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Software the vulnerability culprit

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Securing a business's IT infrastructure – and so protecting the data that resides within it – requires daily vigilance.

However, few businesses have the IT resources needed to secure the network, and with most focus on managing day-to-day operations, security tends to feature near the very end of a list of their "more pressing" priorities.
It's usually only when something goes wrong that security is dragged into the spotlight, identified vulnerabilities are patched up, a few new security products are bought and installed; and the security policy – if there is one – updated.
"Thereafter security is ignored once again until the next identified  attack," says David Jacobson, technical director at Johannesburg-based Synaq, a company focused on delivering managed Linux services in the mail security and network monitoring arenas.
"One problem is that the initial scramble to fix the identified problem may not include the identification of all vulnerabilities. In addition, some of the products installed to 'fix' the problem could well end up making the entire IT environment even more insecure."
According to Jacobson, the key to IT security is secure software – software that is written with not only features, but also security, in mind. However, he says, software is seldom developed with an eye on back-end security requirements.  Developers are usually under pressure to deliver on required features within tight deadlines which leave little time to check for vulnerabilities each step of the way. The result is that most software is inherently vulnerable.
"It's therefore unfortunate that many people – business executives as well as so-called security experts – believe that the implementation of one or two security products can address security issues. There cannot be a 'one size fits all' approach to security as each environment is different, with its own set of vulnerabilities and some security products themselves contain flaws which increase a network's vulnerability rather than reduce it," he adds.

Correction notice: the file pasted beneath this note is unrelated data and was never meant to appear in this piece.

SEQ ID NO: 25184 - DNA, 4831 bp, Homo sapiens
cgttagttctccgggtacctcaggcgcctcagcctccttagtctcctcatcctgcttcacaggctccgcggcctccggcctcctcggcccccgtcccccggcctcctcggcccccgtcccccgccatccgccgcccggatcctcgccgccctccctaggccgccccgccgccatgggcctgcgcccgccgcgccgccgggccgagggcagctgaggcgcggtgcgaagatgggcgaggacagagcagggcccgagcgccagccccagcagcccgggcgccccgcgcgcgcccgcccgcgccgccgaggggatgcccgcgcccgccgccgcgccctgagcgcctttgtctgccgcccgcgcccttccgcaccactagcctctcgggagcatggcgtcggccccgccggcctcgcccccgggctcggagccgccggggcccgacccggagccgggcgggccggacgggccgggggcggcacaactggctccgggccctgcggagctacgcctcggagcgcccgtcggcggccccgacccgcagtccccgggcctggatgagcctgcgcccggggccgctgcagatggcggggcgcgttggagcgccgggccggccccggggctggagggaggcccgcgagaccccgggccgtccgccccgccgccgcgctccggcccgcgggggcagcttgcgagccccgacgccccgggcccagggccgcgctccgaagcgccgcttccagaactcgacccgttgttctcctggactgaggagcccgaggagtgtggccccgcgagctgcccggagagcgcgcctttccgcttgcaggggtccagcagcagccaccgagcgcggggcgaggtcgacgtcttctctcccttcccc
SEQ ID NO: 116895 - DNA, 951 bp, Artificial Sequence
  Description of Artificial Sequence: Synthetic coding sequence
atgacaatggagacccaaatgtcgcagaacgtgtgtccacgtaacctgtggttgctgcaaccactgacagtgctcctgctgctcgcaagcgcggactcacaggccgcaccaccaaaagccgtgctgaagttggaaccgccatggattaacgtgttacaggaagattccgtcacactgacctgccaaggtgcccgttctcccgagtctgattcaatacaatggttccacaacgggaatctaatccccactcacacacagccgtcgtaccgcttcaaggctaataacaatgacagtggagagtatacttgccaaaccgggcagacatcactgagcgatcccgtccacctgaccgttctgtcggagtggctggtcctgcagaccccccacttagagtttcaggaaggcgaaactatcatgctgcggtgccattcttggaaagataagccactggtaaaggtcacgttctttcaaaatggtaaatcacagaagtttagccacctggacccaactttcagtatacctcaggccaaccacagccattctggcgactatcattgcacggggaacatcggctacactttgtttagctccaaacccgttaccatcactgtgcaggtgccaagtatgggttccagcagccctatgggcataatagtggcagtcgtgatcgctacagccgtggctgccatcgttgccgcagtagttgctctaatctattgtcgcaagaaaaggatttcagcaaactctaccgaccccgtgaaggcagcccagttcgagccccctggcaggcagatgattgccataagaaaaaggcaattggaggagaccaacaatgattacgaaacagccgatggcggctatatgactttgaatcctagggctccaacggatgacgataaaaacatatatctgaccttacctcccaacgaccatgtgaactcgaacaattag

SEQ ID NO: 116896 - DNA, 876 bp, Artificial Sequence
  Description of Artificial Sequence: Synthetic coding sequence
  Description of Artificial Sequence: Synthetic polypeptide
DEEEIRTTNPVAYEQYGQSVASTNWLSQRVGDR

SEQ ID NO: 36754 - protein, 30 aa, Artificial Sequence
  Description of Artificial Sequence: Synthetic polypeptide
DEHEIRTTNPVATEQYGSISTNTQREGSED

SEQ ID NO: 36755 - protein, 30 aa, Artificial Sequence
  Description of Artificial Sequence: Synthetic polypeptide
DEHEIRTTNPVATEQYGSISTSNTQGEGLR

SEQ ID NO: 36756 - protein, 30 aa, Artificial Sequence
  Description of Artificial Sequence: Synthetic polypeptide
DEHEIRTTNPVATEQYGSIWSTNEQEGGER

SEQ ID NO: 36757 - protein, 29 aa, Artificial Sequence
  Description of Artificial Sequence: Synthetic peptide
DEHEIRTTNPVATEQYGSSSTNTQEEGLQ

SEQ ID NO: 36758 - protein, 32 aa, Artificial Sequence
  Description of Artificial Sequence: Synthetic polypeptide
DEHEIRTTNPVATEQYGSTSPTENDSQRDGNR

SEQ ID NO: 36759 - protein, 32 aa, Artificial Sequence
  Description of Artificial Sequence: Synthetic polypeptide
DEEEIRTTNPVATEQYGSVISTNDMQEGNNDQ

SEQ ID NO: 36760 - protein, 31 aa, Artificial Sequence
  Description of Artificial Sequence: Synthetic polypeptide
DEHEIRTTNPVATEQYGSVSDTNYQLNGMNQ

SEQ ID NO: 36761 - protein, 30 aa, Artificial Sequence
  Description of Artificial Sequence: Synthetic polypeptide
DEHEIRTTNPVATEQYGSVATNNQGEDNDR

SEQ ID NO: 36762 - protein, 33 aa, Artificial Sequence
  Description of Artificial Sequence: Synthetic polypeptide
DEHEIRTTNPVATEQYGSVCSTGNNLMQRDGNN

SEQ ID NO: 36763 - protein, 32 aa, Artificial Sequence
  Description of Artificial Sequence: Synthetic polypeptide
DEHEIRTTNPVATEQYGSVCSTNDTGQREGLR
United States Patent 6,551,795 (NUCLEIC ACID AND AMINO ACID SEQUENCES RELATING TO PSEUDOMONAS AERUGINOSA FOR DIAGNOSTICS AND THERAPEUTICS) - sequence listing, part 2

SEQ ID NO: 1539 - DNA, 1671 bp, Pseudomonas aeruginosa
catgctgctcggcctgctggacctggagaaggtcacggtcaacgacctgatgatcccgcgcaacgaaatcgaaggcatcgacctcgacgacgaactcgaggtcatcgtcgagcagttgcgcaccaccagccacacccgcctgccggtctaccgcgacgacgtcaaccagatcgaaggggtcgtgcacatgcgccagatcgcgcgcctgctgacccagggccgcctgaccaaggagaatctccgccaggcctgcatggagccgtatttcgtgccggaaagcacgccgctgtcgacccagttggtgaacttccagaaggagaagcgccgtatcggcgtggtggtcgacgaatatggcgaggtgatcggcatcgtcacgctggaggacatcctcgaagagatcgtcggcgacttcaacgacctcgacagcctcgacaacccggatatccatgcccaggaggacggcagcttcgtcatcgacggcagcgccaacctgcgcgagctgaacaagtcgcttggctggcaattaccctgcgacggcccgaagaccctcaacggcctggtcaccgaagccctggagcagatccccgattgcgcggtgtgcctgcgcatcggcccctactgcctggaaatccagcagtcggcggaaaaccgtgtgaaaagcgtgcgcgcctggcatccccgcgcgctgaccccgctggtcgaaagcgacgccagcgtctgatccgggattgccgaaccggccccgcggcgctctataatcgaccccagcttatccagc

"Indeed, if businesses are serious about security, they need to understand that the only way to truly check that they are secure is to view the code. That's one of the reasons I believe Open Source software is the better option for companies where security is of the utmost concern.  It's not that Open Source is more secure, but rather the fact that you can view the code, see any vulnerabilities yourself and even fix if necessary if you have the skills to do so."
In addition, Jacobson recommends that prior to implementing any application, including a security product, users – or their security advisors – should check the 'pedigree' of the product.
This would include determining whether any vulnerabilities or flaws had been detected in the product; and how well or quickly the vendor had responded to these reports. Most of this information is to be found on websites like www.securityfocus.com, a vendor-neutral site that provides objective, timely and comprehensive security information to all members of the global IT security community.
"The SecurityFocus Vulnerability Database, for example, delivers an invaluable service by providing security professionals with the most up-to-date information on vulnerabilities for all platforms and services. Another SecurityFocus service is BugTraq, a high volume, full disclosure mailing list for the detailed discussion and announcement of computer security vulnerabilities. BugTraq is, without doubt, the cornerstone of the Internet-wide security community," he adds.
By keeping abreast of daily developments in the security arena globally, security professionals can help ensure their clients remain protected.
"Security threats change from day to day. And dealing with these threats involves a lot more than installing a firewall or anti-virus software. It demands a holistic understanding of every aspect of the environment that is to be protected, and the ongoing updating and re-evaluation of the security measures to ensure vulnerabilities are identified and rectified before an attack occurs.
"It's a full-time job and deserves as much attention as every other aspect of IT support and maintenance," Jacobson concludes.